Representative protein products of the TGF&#x3b2;-dependent fibrosis pathway extracted from the left ventricles of two rats in each group: control rats (C3), aging rats (A12, A18), and aging, exercise-trained rats (E3, AE12, AE18) were measured using Western blotting.

Figure 5: Representative protein products of the TGFβ-dependent fibrosis pathway extracted from the left ventricles of two rats in each group: control rats (C3), aging rats (A12, A18), and aging, exercise-trained rats (E3, AE12, AE18) were measured using Western blotting. β-actin was used as an internal control. *=P < 0.05, **=P < 0.01, *** =P < 0.001 compared with the age control group (C3 group); #=P < 0.05, ##=P < 0.01, ### =P<0.001 compared with the indicated groups without exercise training.

Representative protein products of the FGF2-dependent fibrosis pathway extracted from the left ventricles of two rats in each group: control rats (C3), aging rats (A12, A18), and aging, exercise-trained rats (E3, AE12, AE18) were measured using Western blotting.

Figure 6: Representative protein products of the FGF2-dependent fibrosis pathway extracted from the left ventricles of two rats in each group: control rats (C3), aging rats (A12, A18), and aging, exercise-trained rats (E3, AE12, AE18) were measured using Western blotting. β-actin was used as an internal control. *=P<0.05, **=P < 0.01, *** =P < 0.001 compared with the age control group (C3 group); #=P < 0.05, ##=P<0.01, ### =P < 0.001 compared with the indicated groups without exercise training.

Discussion

It is well known that reactive oxygen species (ROS) also play a role during aging, previous studies revealed that aging-associated cardiovascular disease involve the role of nicotinamide adenine dinucleotide phosphate-oxidase induced ROS accumulation resulting in cardiac inflammation and fibrosis [35-37]. Many researches have shown that drug or herbal extract mediated amelioration of cardiac injury is correlated with the extent of ROS scavenging [36, 38]. In this paper we revealed that moderate exercise can attenuate the aging-induced cardiac inflammation, hypertrophy and fibrosis injuries of rat hearts, however we need more experiments to verify whether correlation of ROS regulation and moderate exercise effect on cardiovascular disease in aged rats.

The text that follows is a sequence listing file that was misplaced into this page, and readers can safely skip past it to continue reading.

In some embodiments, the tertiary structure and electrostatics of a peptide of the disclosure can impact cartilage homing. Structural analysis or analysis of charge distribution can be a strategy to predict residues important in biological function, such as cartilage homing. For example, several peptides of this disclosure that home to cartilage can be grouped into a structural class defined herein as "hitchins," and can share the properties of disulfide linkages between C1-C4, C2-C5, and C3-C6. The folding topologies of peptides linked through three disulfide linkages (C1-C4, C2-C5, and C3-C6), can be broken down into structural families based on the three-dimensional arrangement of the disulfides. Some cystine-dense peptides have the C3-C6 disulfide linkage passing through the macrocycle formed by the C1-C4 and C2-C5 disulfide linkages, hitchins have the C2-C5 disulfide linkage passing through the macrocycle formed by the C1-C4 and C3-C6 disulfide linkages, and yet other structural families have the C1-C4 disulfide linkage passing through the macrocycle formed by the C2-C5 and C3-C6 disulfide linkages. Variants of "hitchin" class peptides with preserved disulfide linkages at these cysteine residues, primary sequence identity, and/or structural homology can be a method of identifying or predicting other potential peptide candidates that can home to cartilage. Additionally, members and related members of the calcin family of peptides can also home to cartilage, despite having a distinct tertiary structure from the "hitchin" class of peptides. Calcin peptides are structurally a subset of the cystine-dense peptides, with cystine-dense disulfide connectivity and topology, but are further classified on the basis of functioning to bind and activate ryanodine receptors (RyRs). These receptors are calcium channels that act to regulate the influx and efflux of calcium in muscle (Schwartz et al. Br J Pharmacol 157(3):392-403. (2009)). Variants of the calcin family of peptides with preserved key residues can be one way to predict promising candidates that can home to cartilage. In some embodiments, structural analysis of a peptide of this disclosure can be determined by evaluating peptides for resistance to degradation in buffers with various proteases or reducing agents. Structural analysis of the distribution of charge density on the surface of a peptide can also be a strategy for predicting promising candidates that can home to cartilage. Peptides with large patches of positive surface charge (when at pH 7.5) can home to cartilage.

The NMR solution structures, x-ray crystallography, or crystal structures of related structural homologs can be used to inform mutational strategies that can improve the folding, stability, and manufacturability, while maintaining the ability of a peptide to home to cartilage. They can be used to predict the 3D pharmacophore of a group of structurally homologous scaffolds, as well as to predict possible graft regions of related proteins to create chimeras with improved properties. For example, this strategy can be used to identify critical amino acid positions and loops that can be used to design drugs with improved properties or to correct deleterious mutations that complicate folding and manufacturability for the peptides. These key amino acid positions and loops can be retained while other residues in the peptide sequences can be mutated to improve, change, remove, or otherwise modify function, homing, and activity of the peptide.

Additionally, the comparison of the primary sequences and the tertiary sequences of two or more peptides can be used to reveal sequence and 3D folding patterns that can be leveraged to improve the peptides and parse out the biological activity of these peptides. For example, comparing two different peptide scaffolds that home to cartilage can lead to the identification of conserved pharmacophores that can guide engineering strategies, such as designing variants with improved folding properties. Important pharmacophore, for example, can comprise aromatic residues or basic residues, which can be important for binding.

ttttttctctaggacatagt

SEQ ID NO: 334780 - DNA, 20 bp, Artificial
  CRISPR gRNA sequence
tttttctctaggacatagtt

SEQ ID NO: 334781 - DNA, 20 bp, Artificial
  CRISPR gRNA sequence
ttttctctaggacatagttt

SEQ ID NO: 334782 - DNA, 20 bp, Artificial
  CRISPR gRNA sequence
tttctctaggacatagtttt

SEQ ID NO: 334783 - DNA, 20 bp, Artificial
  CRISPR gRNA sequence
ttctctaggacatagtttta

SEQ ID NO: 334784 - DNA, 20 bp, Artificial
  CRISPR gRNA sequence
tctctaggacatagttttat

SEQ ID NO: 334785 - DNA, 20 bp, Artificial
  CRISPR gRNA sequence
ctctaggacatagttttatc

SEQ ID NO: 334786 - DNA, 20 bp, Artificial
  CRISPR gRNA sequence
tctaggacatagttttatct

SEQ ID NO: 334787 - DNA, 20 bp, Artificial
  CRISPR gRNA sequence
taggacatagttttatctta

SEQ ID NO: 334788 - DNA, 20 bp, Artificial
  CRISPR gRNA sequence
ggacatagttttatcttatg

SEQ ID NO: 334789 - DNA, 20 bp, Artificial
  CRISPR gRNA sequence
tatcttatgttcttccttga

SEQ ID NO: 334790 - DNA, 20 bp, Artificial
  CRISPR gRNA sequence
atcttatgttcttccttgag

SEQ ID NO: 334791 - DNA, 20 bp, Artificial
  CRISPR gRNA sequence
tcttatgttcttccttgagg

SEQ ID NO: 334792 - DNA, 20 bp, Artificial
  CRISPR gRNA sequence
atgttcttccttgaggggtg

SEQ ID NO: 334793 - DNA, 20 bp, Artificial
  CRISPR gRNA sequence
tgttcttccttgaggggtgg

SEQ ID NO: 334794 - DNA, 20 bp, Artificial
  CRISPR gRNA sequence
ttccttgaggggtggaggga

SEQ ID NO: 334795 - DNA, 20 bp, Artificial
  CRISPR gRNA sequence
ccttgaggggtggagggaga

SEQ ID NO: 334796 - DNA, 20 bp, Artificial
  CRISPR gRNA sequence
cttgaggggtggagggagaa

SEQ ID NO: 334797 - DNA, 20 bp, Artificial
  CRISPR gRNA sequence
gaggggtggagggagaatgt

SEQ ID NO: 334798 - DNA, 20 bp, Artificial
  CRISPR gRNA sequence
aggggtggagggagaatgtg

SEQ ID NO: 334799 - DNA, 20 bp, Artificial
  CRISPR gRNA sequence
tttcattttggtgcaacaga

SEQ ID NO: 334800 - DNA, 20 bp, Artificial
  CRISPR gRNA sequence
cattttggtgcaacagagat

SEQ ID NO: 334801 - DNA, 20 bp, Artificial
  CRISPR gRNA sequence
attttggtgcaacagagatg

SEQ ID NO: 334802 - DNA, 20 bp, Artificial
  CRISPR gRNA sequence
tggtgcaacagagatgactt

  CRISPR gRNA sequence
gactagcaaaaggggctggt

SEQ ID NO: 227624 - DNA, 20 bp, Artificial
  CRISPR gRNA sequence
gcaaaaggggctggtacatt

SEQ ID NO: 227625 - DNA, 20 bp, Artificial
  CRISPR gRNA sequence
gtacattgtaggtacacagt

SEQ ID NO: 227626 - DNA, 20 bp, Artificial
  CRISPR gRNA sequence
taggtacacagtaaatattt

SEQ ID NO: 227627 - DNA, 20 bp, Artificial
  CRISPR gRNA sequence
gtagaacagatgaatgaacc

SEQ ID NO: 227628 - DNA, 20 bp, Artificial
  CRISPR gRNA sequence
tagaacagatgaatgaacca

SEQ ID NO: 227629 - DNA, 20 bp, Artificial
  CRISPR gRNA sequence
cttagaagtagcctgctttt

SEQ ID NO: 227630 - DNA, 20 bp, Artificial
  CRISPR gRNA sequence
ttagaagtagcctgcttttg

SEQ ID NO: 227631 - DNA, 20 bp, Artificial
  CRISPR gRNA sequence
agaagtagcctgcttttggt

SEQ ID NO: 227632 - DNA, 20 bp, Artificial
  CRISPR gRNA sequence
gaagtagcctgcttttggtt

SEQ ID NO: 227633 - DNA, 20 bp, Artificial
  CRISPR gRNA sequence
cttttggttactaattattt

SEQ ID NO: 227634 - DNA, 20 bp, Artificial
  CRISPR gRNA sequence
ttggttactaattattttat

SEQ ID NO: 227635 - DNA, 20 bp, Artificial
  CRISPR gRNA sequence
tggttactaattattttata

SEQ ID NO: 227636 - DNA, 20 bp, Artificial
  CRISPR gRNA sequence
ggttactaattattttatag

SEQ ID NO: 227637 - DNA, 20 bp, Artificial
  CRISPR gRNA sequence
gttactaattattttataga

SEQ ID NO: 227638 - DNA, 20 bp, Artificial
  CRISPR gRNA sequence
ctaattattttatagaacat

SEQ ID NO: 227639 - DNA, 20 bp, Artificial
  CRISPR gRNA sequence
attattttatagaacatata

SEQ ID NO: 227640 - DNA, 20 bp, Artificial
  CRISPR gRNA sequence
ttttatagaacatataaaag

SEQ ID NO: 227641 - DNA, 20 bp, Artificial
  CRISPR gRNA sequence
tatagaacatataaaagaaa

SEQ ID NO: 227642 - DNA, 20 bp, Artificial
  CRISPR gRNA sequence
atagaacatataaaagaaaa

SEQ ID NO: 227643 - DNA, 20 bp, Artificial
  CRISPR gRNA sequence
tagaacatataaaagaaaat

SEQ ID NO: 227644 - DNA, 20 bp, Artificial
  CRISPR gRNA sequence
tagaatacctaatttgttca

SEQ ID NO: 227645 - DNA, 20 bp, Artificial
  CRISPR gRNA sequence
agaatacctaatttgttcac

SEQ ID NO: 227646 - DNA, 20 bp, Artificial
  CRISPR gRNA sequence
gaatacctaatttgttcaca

Our previous studies demonstrated that diabetes, high blood pressure, obesity and aging were CVD risk factors [39]. Apoptosis of cardiomyocytes always appeared in aging rat hearts [40]. Long-term inflammation is one of the major risk factors that leads to cardiac hypertrophy [41]. Our data demonstrated that cardiac inflammation existed in aging hearts, and this inflammation was induced by the activated NFκB signaling pathway. Figure 1 show that p-IKKα/β and p-Iκβ were up-regulated, which activated NFκB and up-regulated COX2 and iNOS expression. COX2 and iNOS are downstream genes of NFκB and key markers of inflammation. These data indicated aging resulted in cardiac inflammation, and exercise training prevented aging-induced cardiac inflammation, especially in elderly rats (A18 and AE18 groups) (Figure 1). Other studies demonstrated an effect of exercise training on inflammation in adipose tissue, muscle and brain [42-44]. The present study demonstrated that the inflammatory pathway was up-regulated in aged rats hearts, and training with moderate exercise decreased inflammation in aging rats hearts (A18 and AE18) (Figure 1).